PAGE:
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Troublemaker
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Discussion Starter #1
We like to stop and see the history of our state a lot when riding. Yesterday we stopped at a couple and got some pics.



 

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American Legion Rider
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I like to stop at these sites as well here in Texas. Some have little known history about the Indians of the area. We seem to be good at not recording our Indian history very well so I make a habit to stop at historical markers just to see if there is anything related to Indians. I don't take pictures though. I should have done that.:thumbsdown: I've found some in places very very few travel. I wish there was a map containing all of them. Or if there is I'm not aware of it. I'd buy one. It might be the only thing left some day.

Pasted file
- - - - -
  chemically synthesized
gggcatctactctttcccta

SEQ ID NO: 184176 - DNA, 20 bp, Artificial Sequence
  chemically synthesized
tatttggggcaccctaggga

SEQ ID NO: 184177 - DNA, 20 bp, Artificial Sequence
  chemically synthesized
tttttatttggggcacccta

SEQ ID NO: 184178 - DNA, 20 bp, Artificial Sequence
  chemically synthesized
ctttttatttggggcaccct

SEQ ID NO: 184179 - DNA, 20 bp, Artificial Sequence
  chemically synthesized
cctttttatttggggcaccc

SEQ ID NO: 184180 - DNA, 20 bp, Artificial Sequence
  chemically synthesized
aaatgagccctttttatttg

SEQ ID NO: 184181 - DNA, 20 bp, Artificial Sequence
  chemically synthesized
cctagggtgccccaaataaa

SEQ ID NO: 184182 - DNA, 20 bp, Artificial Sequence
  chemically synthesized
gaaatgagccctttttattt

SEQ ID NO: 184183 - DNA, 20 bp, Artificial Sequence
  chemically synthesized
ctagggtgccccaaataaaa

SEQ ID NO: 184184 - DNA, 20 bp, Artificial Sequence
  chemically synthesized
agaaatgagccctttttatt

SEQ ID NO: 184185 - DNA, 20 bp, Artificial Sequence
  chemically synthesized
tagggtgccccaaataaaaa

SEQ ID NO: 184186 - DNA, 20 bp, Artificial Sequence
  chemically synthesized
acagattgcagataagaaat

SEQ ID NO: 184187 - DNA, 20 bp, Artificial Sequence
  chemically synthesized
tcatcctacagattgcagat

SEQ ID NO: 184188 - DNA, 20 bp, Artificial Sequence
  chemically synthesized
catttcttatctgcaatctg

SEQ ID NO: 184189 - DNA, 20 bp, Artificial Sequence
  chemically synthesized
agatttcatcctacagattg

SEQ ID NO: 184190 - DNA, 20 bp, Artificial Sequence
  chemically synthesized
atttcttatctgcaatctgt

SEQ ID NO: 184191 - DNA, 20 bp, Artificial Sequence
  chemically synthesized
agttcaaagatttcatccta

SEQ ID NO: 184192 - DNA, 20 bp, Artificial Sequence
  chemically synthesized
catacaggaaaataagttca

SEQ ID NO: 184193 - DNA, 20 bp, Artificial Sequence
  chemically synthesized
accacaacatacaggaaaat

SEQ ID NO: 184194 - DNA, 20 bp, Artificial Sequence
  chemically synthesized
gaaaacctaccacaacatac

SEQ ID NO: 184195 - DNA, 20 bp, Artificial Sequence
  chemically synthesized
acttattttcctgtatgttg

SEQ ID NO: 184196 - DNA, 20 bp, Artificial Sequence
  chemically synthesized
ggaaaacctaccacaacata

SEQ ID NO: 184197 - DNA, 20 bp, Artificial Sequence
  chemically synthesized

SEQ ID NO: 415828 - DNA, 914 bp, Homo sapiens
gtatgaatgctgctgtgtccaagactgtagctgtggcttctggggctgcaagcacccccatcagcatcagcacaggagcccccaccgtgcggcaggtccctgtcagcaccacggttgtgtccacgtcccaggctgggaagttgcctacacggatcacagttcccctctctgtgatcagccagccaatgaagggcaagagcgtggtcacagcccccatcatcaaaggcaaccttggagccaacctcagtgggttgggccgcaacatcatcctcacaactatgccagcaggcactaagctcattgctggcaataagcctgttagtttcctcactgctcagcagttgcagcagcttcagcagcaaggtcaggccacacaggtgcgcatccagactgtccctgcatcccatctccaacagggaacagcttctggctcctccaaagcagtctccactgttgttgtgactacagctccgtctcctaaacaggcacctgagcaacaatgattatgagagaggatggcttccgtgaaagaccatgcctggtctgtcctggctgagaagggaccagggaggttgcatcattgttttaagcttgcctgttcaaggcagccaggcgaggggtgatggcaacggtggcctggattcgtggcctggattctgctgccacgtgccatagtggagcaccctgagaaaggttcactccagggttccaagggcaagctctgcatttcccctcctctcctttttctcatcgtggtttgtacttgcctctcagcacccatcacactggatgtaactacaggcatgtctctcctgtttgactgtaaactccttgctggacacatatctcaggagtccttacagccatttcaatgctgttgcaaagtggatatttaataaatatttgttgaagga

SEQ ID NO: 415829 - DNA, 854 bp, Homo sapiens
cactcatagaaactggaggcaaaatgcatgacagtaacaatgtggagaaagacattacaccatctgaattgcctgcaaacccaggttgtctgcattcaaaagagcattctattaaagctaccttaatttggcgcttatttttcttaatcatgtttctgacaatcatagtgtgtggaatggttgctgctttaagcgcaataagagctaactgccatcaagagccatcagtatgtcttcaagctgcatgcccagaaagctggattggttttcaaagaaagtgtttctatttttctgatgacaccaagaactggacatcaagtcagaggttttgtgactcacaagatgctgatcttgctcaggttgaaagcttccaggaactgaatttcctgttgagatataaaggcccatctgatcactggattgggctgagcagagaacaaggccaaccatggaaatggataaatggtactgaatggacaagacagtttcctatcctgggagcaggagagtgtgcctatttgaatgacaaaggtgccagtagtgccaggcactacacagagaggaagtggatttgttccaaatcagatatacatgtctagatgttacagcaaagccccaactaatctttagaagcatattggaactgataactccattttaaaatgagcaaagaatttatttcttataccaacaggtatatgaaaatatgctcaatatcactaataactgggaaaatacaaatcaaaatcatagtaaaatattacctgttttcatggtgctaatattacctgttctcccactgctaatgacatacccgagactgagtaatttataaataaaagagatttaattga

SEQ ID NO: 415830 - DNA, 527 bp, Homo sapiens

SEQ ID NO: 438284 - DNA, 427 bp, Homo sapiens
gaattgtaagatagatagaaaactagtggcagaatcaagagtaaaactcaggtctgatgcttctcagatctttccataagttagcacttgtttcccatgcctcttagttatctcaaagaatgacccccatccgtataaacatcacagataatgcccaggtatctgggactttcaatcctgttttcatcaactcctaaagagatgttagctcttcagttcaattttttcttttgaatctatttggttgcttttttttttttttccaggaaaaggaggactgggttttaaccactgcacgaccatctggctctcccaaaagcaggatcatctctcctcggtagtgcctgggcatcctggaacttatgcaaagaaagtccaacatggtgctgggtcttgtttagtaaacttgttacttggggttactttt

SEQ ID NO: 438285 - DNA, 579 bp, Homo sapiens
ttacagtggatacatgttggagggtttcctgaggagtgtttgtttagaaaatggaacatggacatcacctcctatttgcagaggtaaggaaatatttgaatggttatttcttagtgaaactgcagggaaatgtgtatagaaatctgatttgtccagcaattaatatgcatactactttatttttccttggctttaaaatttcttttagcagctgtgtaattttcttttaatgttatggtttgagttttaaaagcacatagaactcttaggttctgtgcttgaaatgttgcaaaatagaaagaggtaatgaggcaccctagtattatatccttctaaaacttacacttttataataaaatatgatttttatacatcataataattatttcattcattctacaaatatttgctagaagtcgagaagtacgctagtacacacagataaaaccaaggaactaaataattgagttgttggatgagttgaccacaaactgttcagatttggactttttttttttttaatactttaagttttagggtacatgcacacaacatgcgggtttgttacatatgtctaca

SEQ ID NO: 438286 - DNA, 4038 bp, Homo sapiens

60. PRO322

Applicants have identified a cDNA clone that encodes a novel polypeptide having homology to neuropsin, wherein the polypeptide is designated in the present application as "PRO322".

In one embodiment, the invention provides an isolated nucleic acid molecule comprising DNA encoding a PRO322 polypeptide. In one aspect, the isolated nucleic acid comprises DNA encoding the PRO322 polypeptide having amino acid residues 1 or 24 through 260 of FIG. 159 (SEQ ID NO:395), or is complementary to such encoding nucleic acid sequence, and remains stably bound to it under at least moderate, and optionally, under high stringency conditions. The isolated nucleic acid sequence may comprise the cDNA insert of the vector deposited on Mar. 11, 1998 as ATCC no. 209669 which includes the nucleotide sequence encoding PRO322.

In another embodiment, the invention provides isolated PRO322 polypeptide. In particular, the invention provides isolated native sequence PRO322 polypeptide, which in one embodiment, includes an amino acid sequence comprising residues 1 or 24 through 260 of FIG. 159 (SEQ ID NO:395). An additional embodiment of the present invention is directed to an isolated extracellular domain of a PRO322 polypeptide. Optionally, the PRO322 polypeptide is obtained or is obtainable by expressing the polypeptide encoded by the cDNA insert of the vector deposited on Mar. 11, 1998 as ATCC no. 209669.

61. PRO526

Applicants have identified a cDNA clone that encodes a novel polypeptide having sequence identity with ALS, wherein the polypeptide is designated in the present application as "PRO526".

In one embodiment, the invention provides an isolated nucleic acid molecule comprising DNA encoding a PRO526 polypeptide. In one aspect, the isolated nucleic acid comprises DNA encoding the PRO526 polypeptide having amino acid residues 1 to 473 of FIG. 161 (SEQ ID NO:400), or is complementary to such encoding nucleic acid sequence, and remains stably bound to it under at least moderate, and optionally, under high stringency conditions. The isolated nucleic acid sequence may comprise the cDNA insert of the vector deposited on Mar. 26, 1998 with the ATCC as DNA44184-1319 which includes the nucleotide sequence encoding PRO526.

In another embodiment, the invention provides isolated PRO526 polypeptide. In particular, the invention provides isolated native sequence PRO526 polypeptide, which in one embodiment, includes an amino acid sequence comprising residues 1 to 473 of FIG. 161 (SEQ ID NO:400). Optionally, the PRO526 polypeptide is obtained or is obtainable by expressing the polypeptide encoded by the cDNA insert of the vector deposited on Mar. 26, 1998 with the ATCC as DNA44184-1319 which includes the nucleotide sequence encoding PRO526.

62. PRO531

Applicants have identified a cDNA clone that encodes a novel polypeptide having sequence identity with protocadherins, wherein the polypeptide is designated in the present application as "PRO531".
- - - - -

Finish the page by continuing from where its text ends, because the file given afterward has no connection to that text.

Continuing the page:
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Shaper Of All Things Metal
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Awesome! :thumbsup:

I'm guessing you have quite the collection of pictures already!

What a neat idea for rides. Do you have any kind of guide for where Historical Markers are located or do you just find them by chance when out riding?
 

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Troublemaker
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Discussion Starter #5
If we see a sign and it's paved, or well used we will stop. There is a list here but mostly we just ride and stop. It also gives us a break to get off the bike and stretch a while.

There is a lot of stuff that was not taught in school, it's more just to know.
 

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Shaper Of All Things Metal
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If we see a sign and it's paved, or well used we will stop. There is a list here but mostly we just ride and stop. It also gives us a break to get off the bike and stretch a while.

There is a lot of stuff that was not taught in school, it's more just to know.
THIS is another one for Nebraska.